Unsolicited Job Leads May Have Mental Health Effects
(HealthDay News) — Unsolicited job leads can have a deleterious effect on mental health, according to a study published in the June issue of the Journal of Health and Social Behavior.
Lijun Song, PhD, from Vanderbilt University in Nashville, TN, and Wenhong Chen, PhD, from the University of Texas in Austin, examined the impact of receipt of unsolicited job leads, and its interaction effects with economic strain (lack of full-time employment and the duration of lack of full-time employment) and financial dissatisfaction on depression. The study used nationally representative data from working-age U.S. adults.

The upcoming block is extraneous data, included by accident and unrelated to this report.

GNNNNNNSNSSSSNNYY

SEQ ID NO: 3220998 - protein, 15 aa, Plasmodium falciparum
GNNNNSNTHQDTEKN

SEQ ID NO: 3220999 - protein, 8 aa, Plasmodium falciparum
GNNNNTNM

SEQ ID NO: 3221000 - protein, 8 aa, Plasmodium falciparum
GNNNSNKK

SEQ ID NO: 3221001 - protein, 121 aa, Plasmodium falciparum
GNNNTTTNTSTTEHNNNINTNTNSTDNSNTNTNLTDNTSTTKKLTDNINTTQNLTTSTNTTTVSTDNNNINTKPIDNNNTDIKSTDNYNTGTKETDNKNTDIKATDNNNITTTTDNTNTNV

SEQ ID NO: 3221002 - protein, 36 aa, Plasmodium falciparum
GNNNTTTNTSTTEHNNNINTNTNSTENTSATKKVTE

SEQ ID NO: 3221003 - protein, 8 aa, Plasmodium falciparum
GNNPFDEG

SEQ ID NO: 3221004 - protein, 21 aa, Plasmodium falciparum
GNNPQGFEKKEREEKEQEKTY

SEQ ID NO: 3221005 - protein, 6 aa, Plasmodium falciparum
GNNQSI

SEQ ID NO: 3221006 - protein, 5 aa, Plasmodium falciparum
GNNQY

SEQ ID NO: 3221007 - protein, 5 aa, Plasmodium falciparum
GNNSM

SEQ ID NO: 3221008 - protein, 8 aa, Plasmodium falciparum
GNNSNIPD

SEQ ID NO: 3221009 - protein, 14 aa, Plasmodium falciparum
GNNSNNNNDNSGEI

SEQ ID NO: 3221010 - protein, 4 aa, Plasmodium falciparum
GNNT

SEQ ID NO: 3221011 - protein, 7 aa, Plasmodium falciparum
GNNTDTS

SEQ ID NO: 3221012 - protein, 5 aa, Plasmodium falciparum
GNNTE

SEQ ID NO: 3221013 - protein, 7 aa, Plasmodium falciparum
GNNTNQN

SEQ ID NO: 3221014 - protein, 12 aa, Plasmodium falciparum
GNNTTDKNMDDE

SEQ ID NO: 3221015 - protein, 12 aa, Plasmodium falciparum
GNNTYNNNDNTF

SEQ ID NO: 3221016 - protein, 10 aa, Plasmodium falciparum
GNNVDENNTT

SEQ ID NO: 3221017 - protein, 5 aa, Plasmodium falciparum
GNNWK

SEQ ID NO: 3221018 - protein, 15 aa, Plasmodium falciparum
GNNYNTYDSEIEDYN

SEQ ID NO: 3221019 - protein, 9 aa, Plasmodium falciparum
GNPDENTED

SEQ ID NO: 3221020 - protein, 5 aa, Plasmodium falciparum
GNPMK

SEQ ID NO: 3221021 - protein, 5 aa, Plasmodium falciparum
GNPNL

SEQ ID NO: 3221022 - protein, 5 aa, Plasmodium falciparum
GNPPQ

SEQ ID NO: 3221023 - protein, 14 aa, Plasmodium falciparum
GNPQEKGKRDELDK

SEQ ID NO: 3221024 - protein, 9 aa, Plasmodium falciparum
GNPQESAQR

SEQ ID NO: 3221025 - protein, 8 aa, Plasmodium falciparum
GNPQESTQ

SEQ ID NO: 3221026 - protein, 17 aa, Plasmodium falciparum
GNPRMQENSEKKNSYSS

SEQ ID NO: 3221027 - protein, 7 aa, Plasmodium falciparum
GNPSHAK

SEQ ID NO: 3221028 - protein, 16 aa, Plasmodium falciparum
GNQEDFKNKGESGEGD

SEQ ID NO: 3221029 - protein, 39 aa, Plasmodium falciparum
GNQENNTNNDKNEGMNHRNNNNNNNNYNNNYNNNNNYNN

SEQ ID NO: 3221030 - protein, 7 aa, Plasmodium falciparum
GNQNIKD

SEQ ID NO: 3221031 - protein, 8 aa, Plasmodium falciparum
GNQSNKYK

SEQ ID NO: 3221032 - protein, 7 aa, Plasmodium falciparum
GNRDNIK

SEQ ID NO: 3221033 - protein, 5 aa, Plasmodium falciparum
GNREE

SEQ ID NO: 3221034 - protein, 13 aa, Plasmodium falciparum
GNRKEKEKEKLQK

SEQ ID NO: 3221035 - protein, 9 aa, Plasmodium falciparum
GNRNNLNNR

The researchers found that the results were consistent with the distress-inducing perspective, with the receipt of unsolicited job leads having a positive role for depression. The role was contingent on economic strain and financial dissatisfaction.
"The findings indicate that the receipt of unsolicited job leads often plays a deleterious role for mental health but that the role varies according to the need for job leads," conclude the authors.